And although conservative critics have largely shunned the Occupy Wall Street protests as being an disorganized and chaotic attempt to recapitalize on the Tea Party’s success from yesteryear, the same poll from Time shows that the approval rating of the populist-geared GOP gang is only half that of Occupy Wall Street.

Speaking to RT yesterday, The Market Ticker’s Karl Denninger, one of the co-founders of the Tea Party movement, said that the protesters with Occupy Wall Street can learn from the mistakes that Palin and pals encountered when they waged demonstrations of their own.

“One of the things that the Occupy movement seems to have going for it is it has not turned around and issued a set of formal demands,” Denninger said. “This is a good thing, not a bad thing. Everyone is looking for a set of demands.”

Denninger added that in the case of the Tea Party, organization was largely to blame for the movement’s downfall. “One of the things we wanted was the end to bailouts and an end to government deficit spending, and as you can see that didn’t happen,” said Denninger.

Elsewhere in the poll, an overwhelming majority of Americans (81 percent) say that the country has “seriously gotten off on the wrong track.” While many Americans say that they are in support of the Occupy Wall street movement, a majority of participants in the poll also add that the gap between the rich and poor in the US has grown too large and that banks should be held accountable and prosecuted for their role in the financial collapse.

In support of Obama, the poll suggests that more Americans favor his job as president when pitted against the George W Bush administration.

Time’s poll was conducted between on October 9 and 10, 2011, and pulls data taken from 1,001 adults surveyed.

Professor Cornel West arrested in DC

Prof Cornell West @ a protest

Prof Cornell West @ Occupy Wall Street protest

RT news

Acclaimed professor and activist Dr. Cornel West was arrested with 18 others on the steps of the Supreme Court building in Washington DC on Saturday during a local demonstration with the growing Occupy Wall Street movement.

Dr. West says that he was in Washington earlier in the day to witness President Barak Obama’s dedication of the Martin Luther King Jr. Memorial, only to join protesters hours later at Freedom Plaza on Pennsylvania Avenue. It is there that activists have been congregating for over a week down as part of the October 2011 Stop the Machine protest that hopes to draw attention to the ongoing war in Afghanistan — which earlier this month reached the 10-year mark, making it the longest-going American war ever.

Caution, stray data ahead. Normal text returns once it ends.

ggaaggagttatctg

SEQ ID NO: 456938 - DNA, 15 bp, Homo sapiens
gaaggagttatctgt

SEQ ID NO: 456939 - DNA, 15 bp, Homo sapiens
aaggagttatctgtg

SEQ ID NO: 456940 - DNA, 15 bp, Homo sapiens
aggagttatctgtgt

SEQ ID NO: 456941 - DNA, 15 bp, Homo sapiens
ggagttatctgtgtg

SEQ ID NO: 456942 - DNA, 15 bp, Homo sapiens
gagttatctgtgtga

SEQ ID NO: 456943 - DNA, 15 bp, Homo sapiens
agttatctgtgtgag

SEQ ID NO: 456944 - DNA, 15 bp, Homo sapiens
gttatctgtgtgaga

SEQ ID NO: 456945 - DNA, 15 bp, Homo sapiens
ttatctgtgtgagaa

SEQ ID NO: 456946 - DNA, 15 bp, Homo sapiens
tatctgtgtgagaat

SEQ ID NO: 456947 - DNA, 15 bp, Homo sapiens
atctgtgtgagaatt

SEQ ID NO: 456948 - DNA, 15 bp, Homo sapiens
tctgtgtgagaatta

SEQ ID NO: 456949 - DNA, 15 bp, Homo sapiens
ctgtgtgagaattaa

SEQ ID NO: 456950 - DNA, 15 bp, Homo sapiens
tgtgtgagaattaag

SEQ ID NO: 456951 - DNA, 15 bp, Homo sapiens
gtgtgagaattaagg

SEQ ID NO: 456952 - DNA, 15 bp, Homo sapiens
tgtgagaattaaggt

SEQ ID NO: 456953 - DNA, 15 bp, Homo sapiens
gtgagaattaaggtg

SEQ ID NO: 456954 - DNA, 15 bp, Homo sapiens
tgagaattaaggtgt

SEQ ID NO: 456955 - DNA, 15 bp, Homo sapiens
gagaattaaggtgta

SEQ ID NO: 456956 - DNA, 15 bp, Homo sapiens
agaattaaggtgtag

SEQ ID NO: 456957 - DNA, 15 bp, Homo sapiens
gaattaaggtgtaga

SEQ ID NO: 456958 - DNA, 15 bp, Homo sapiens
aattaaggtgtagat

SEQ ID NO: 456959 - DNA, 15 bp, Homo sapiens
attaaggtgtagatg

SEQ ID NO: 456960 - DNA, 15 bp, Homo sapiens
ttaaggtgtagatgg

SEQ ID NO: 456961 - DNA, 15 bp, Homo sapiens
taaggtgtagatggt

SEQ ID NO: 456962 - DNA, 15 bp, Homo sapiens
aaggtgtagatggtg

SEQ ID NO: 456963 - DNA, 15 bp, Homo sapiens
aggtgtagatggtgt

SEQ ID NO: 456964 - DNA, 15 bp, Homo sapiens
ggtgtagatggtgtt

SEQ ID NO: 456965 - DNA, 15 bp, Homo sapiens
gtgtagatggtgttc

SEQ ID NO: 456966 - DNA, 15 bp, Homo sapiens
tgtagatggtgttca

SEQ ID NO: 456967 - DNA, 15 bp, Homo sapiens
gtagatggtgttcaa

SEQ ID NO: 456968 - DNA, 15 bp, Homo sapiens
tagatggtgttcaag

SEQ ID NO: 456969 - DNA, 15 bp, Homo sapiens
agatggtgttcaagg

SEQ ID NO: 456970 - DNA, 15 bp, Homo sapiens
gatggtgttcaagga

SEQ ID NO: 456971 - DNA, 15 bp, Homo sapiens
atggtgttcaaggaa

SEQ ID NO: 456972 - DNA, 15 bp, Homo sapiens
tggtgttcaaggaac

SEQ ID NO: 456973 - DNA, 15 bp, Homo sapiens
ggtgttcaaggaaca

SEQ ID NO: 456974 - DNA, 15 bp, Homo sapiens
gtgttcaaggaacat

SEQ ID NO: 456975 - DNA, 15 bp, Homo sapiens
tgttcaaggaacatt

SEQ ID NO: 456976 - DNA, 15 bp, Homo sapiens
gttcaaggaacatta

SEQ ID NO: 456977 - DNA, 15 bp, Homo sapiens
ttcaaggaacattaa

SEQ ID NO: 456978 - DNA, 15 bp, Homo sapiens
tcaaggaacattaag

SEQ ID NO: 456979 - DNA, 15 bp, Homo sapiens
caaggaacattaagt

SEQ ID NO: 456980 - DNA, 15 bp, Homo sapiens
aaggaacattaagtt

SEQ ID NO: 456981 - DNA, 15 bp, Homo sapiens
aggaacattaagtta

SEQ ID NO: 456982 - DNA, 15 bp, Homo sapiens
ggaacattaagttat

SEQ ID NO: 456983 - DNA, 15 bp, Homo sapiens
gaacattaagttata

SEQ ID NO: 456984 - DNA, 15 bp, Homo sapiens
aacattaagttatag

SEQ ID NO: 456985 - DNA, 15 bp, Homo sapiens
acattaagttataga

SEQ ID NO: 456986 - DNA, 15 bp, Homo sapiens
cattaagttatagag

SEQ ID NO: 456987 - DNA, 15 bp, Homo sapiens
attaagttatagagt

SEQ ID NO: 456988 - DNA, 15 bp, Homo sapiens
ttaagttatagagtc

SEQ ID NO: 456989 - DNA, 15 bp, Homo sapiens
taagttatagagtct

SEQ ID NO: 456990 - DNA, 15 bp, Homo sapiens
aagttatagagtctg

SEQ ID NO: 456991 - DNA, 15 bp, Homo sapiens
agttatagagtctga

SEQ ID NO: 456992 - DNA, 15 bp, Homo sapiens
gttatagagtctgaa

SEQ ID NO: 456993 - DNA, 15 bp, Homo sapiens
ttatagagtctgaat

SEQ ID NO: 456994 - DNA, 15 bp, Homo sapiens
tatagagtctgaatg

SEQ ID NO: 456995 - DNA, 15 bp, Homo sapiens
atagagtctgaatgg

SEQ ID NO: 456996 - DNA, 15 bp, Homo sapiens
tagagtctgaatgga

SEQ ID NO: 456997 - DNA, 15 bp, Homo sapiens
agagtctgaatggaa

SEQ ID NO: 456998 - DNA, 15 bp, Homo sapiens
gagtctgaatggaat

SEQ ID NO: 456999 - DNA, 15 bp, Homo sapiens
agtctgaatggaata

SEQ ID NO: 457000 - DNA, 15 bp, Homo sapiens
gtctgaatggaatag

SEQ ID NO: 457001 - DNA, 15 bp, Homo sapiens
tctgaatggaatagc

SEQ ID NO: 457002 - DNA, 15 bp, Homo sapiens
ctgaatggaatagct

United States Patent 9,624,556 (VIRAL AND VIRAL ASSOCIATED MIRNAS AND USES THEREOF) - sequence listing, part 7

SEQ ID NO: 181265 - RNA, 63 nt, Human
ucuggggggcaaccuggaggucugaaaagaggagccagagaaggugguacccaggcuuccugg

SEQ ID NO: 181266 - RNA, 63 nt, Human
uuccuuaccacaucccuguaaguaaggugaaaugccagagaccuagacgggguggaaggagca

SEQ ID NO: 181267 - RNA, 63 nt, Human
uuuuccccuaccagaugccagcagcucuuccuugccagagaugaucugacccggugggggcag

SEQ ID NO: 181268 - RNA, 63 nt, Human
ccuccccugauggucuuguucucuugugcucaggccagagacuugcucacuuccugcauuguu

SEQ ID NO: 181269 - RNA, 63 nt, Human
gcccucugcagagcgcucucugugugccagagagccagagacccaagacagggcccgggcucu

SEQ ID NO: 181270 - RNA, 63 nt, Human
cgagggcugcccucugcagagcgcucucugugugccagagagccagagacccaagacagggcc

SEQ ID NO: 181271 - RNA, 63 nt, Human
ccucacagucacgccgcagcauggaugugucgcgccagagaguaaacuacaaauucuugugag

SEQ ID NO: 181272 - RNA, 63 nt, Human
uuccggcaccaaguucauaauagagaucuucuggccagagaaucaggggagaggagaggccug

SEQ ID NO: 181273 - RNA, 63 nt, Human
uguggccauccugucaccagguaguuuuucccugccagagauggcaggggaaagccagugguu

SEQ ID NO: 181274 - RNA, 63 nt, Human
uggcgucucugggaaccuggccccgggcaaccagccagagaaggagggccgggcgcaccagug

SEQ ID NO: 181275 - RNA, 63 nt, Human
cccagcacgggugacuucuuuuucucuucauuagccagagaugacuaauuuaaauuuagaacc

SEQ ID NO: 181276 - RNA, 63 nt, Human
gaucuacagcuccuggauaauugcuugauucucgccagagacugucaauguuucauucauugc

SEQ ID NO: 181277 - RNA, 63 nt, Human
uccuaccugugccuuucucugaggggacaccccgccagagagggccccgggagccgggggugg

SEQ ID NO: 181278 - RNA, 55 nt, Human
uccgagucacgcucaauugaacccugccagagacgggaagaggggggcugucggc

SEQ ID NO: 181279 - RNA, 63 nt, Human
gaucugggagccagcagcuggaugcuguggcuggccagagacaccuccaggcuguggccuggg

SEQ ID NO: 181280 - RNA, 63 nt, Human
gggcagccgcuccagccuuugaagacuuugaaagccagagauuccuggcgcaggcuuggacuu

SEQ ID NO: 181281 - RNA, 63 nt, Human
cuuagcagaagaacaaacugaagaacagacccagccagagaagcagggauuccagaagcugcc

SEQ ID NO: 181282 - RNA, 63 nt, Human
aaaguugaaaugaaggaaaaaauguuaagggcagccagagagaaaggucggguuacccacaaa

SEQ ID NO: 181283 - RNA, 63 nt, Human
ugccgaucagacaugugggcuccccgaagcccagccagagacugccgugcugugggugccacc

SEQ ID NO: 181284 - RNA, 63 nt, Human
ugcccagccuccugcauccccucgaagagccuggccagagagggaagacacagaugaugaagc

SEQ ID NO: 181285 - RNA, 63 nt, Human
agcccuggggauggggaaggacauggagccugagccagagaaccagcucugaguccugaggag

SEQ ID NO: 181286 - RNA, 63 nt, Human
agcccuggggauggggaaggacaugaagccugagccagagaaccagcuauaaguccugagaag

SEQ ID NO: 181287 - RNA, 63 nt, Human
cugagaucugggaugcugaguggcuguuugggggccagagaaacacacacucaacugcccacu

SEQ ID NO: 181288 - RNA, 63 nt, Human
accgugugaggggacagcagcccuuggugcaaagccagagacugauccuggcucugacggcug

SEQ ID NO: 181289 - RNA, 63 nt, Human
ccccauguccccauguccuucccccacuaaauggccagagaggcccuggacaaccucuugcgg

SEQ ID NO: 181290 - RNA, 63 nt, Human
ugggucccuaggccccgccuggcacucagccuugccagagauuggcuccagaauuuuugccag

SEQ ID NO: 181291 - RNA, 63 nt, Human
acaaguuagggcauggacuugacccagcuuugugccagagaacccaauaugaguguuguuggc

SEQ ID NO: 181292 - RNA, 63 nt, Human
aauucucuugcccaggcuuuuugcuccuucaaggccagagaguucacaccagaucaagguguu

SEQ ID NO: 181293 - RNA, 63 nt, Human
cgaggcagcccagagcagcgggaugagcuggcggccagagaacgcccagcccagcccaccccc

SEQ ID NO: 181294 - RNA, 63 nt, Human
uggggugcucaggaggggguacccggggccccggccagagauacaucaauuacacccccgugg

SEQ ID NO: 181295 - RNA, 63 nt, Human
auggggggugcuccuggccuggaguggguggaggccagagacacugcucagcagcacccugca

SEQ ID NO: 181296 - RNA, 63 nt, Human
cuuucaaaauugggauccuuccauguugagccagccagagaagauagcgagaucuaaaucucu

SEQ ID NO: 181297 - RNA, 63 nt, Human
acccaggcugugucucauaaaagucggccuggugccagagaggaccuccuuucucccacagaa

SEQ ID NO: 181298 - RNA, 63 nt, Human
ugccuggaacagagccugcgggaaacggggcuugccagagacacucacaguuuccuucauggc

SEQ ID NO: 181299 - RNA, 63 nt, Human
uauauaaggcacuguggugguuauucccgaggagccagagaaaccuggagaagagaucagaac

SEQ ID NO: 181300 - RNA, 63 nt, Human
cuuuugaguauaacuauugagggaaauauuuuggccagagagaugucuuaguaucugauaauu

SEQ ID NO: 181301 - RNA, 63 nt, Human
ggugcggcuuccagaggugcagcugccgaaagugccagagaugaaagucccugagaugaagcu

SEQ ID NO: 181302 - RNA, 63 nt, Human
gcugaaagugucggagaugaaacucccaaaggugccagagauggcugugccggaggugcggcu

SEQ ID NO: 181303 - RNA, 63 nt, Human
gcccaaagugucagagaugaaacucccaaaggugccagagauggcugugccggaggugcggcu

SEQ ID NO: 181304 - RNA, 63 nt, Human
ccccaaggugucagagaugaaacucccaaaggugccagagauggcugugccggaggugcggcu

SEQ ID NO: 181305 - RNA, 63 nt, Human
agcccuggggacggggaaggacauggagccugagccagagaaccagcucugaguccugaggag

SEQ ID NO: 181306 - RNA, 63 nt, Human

Once at Freedom Plaza, West and dozens others marched through Washington to the Supreme Court building. A spokesperson for the high court confirmed that West was one of 19 people arrested for refusing to the leave the grounds. Video shows that protesters remained peaceful as they sat on the steps of the courthouse awaiting arrest.

Speaking from the steps of the building, West told a crowd of protesters and reporters, “We want to bear witness today that we know the relation between corporate greed and what goes on too often in the Supreme Court decision. We want to send a lesson to ourselves, to our loved ones, our families, our communities, our nation and the world that out of deep love for working and poor people that we are willing to put whatever it takes, even if we get arrested today, and say, we will not allow this day of Martin Luther King Jr’s memorial to go without somebody going to jail.”

Before his arrest, Dr. West told a reporter with that the ongoing movement, approaching a full month of protests, has already reached historical status. “The question is where it will continue and what form it will take. We just don’t know at this point.”

Dr West added that “Martin King would be here right with us, willing to throw down out of deep love.”

“We love poor people, we love working people and we want Martin Luther King Jr to smile from the grave that we haven’t forgot him,” said Dr West.

The Princeton University professor that formerly taught at Harvard has spoken publically of the ongoing protests for several weeks now. To CNN earlier this month, Dr. West asked, “Who’s going to really speak for poor people? Who’s going to really speak for working people? That’s very much what I think the . . . ‘Occupying Wall Street’ movement is all about.”

In an interview earlier this year, Dr West accused President Obama as being “a black mascot of Wall Street oligarchs and a black puppet of corporate plutocrats.”

Cornel West will be arraigned at the Supreme Court this afternoon.